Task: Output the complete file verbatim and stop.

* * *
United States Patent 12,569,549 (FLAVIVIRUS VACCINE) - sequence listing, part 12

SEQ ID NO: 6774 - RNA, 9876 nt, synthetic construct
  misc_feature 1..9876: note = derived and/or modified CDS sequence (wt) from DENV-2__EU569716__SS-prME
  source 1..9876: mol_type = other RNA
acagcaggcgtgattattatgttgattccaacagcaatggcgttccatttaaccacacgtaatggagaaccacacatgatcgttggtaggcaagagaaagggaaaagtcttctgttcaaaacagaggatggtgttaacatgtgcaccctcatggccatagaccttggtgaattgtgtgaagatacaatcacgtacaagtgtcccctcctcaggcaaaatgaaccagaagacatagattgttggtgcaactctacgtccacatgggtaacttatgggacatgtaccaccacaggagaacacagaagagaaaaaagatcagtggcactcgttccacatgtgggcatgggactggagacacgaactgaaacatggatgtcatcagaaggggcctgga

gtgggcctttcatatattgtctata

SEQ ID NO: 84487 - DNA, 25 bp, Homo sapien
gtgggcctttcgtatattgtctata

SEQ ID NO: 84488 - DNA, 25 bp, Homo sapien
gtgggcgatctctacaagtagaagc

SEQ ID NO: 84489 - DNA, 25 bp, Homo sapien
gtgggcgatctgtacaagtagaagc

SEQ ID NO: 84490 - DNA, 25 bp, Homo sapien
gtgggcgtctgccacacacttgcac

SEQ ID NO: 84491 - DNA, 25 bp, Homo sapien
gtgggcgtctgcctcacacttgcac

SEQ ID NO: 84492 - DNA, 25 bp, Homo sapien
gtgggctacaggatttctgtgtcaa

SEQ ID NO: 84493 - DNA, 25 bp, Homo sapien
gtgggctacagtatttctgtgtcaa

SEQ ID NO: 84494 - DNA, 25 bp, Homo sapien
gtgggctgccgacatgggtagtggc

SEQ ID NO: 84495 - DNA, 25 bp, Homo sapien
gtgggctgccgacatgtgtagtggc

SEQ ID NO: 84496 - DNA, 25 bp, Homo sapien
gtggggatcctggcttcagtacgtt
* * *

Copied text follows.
United States Patent 12,569,549 (FLAVIVIRUS VACCINE) - sequence listing, part 12

SEQ ID NO: 6774 - RNA, 9876 nt, synthetic construct
  misc_feature 1..9876: note = derived and/or modified CDS sequence (wt) from DENV-2__EU569716__SS-prME
  source 1..9876: mol_type = other RNA
acagcaggcgtgattattatgttgattccaacagcaatggcgttccatttaaccacacgtaatggagaaccacacatgatcgttggtaggcaagagaaagggaaaagtcttctgttcaaaacagaggatggtgttaacatgtgcaccctcatggccatagaccttggtgaattgtgtgaagatacaatcacgtacaagtgtcccctcctcaggcaaaatgaaccagaagacatagattgttggtgcaactctacgtccacatgggtaacttatgggacatgtaccaccacaggagaacacagaagagaaaaaagatcagtggcactcgttccacatgtgggcatgggactggagacacgaactgaaacatggatgtcatcagaaggggcctgga

gtgggcctttcatatattgtctata

SEQ ID NO: 84487 - DNA, 25 bp, Homo sapien
gtgggcctttcgtatattgtctata

SEQ ID NO: 84488 - DNA, 25 bp, Homo sapien
gtgggcgatctctacaagtagaagc

SEQ ID NO: 84489 - DNA, 25 bp, Homo sapien
gtgggcgatctgtacaagtagaagc

SEQ ID NO: 84490 - DNA, 25 bp, Homo sapien
gtgggcgtctgccacacacttgcac

SEQ ID NO: 84491 - DNA, 25 bp, Homo sapien
gtgggcgtctgcctcacacttgcac

SEQ ID NO: 84492 - DNA, 25 bp, Homo sapien
gtgggctacaggatttctgtgtcaa

SEQ ID NO: 84493 - DNA, 25 bp, Homo sapien
gtgggctacagtatttctgtgtcaa

SEQ ID NO: 84494 - DNA, 25 bp, Homo sapien
gtgggctgccgacatgggtagtggc

SEQ ID NO: 84495 - DNA, 25 bp, Homo sapien
gtgggctgccgacatgtgtagtggc

SEQ ID NO: 84496 - DNA, 25 bp, Homo sapien
gtggggatcctggcttcagtacgtt